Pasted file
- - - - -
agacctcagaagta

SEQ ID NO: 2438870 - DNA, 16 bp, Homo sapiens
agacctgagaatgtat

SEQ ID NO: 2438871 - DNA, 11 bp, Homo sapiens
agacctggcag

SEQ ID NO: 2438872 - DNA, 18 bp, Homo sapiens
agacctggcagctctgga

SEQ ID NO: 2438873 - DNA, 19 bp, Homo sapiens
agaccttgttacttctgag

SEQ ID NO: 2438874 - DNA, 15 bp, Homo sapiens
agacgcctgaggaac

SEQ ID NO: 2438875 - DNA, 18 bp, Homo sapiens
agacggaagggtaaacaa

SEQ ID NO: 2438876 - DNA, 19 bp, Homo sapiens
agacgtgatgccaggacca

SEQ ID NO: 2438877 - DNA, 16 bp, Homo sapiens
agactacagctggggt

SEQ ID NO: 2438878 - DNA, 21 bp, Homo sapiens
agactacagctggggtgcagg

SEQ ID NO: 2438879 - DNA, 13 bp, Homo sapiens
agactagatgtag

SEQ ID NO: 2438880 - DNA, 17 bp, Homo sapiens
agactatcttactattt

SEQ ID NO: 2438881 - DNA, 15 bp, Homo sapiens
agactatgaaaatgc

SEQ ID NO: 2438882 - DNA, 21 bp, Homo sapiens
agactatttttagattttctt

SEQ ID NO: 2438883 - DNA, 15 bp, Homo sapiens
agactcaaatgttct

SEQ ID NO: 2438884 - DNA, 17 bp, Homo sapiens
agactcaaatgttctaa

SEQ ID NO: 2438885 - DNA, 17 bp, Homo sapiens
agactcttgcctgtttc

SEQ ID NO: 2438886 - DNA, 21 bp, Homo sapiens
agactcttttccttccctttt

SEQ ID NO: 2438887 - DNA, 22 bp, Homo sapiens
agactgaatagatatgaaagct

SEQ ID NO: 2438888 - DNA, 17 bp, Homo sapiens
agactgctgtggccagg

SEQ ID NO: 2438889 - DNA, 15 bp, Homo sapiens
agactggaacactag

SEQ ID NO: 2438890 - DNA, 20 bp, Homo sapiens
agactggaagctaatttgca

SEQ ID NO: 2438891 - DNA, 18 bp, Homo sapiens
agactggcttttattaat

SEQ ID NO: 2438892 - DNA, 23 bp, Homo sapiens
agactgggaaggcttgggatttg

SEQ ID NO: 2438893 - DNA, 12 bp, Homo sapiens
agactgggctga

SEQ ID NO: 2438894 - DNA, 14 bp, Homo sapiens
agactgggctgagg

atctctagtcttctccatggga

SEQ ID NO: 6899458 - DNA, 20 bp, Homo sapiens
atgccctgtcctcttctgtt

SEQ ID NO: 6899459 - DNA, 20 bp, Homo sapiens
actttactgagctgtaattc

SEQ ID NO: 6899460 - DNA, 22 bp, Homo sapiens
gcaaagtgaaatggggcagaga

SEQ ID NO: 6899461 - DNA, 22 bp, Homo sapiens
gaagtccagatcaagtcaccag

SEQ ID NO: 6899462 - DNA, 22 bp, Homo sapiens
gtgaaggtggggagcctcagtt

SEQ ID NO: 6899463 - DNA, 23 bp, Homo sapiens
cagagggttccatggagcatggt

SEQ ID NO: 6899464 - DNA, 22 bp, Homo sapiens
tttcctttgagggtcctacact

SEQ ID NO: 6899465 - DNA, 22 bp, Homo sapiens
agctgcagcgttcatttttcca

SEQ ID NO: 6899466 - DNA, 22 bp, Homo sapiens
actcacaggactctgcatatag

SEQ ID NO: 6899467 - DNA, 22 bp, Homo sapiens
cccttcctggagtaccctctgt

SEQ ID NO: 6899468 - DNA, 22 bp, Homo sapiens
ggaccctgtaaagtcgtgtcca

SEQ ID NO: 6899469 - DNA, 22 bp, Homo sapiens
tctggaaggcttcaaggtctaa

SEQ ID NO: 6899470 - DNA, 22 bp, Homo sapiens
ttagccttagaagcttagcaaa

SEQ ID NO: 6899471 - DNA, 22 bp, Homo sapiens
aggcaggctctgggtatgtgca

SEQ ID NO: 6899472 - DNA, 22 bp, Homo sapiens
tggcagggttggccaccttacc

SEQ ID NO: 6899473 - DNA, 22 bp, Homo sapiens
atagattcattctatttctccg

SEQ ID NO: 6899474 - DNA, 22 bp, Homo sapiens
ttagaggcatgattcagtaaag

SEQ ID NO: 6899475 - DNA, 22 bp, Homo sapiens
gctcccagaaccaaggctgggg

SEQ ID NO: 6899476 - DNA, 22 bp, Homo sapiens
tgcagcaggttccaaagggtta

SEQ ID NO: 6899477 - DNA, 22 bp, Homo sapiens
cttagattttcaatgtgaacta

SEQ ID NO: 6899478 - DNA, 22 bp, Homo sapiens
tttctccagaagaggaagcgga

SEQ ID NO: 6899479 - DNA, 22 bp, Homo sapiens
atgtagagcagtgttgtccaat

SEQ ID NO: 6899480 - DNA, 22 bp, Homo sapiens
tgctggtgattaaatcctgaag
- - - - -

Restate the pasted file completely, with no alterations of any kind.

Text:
agacctcagaagta

SEQ ID NO: 2438870 - DNA, 16 bp, Homo sapiens
agacctgagaatgtat

SEQ ID NO: 2438871 - DNA, 11 bp, Homo sapiens
agacctggcag

SEQ ID NO: 2438872 - DNA, 18 bp, Homo sapiens
agacctggcagctctgga

SEQ ID NO: 2438873 - DNA, 19 bp, Homo sapiens
agaccttgttacttctgag

SEQ ID NO: 2438874 - DNA, 15 bp, Homo sapiens
agacgcctgaggaac

SEQ ID NO: 2438875 - DNA, 18 bp, Homo sapiens
agacggaagggtaaacaa

SEQ ID NO: 2438876 - DNA, 19 bp, Homo sapiens
agacgtgatgccaggacca

SEQ ID NO: 2438877 - DNA, 16 bp, Homo sapiens
agactacagctggggt

SEQ ID NO: 2438878 - DNA, 21 bp, Homo sapiens
agactacagctggggtgcagg

SEQ ID NO: 2438879 - DNA, 13 bp, Homo sapiens
agactagatgtag

SEQ ID NO: 2438880 - DNA, 17 bp, Homo sapiens
agactatcttactattt

SEQ ID NO: 2438881 - DNA, 15 bp, Homo sapiens
agactatgaaaatgc

SEQ ID NO: 2438882 - DNA, 21 bp, Homo sapiens
agactatttttagattttctt

SEQ ID NO: 2438883 - DNA, 15 bp, Homo sapiens
agactcaaatgttct

SEQ ID NO: 2438884 - DNA, 17 bp, Homo sapiens
agactcaaatgttctaa

SEQ ID NO: 2438885 - DNA, 17 bp, Homo sapiens
agactcttgcctgtttc

SEQ ID NO: 2438886 - DNA, 21 bp, Homo sapiens
agactcttttccttccctttt

SEQ ID NO: 2438887 - DNA, 22 bp, Homo sapiens
agactgaatagatatgaaagct

SEQ ID NO: 2438888 - DNA, 17 bp, Homo sapiens
agactgctgtggccagg

SEQ ID NO: 2438889 - DNA, 15 bp, Homo sapiens
agactggaacactag

SEQ ID NO: 2438890 - DNA, 20 bp, Homo sapiens
agactggaagctaatttgca

SEQ ID NO: 2438891 - DNA, 18 bp, Homo sapiens
agactggcttttattaat

SEQ ID NO: 2438892 - DNA, 23 bp, Homo sapiens
agactgggaaggcttgggatttg

SEQ ID NO: 2438893 - DNA, 12 bp, Homo sapiens
agactgggctga

SEQ ID NO: 2438894 - DNA, 14 bp, Homo sapiens
agactgggctgagg

atctctagtcttctccatggga

SEQ ID NO: 6899458 - DNA, 20 bp, Homo sapiens
atgccctgtcctcttctgtt

SEQ ID NO: 6899459 - DNA, 20 bp, Homo sapiens
actttactgagctgtaattc

SEQ ID NO: 6899460 - DNA, 22 bp, Homo sapiens
gcaaagtgaaatggggcagaga

SEQ ID NO: 6899461 - DNA, 22 bp, Homo sapiens
gaagtccagatcaagtcaccag

SEQ ID NO: 6899462 - DNA, 22 bp, Homo sapiens
gtgaaggtggggagcctcagtt

SEQ ID NO: 6899463 - DNA, 23 bp, Homo sapiens
cagagggttccatggagcatggt

SEQ ID NO: 6899464 - DNA, 22 bp, Homo sapiens
tttcctttgagggtcctacact

SEQ ID NO: 6899465 - DNA, 22 bp, Homo sapiens
agctgcagcgttcatttttcca

SEQ ID NO: 6899466 - DNA, 22 bp, Homo sapiens
actcacaggactctgcatatag

SEQ ID NO: 6899467 - DNA, 22 bp, Homo sapiens
cccttcctggagtaccctctgt

SEQ ID NO: 6899468 - DNA, 22 bp, Homo sapiens
ggaccctgtaaagtcgtgtcca

SEQ ID NO: 6899469 - DNA, 22 bp, Homo sapiens
tctggaaggcttcaaggtctaa

SEQ ID NO: 6899470 - DNA, 22 bp, Homo sapiens
ttagccttagaagcttagcaaa

SEQ ID NO: 6899471 - DNA, 22 bp, Homo sapiens
aggcaggctctgggtatgtgca

SEQ ID NO: 6899472 - DNA, 22 bp, Homo sapiens
tggcagggttggccaccttacc

SEQ ID NO: 6899473 - DNA, 22 bp, Homo sapiens
atagattcattctatttctccg

SEQ ID NO: 6899474 - DNA, 22 bp, Homo sapiens
ttagaggcatgattcagtaaag

SEQ ID NO: 6899475 - DNA, 22 bp, Homo sapiens
gctcccagaaccaaggctgggg

SEQ ID NO: 6899476 - DNA, 22 bp, Homo sapiens
tgcagcaggttccaaagggtta

SEQ ID NO: 6899477 - DNA, 22 bp, Homo sapiens
cttagattttcaatgtgaacta

SEQ ID NO: 6899478 - DNA, 22 bp, Homo sapiens
tttctccagaagaggaagcgga

SEQ ID NO: 6899479 - DNA, 22 bp, Homo sapiens
atgtagagcagtgttgtccaat

SEQ ID NO: 6899480 - DNA, 22 bp, Homo sapiens
tgctggtgattaaatcctgaag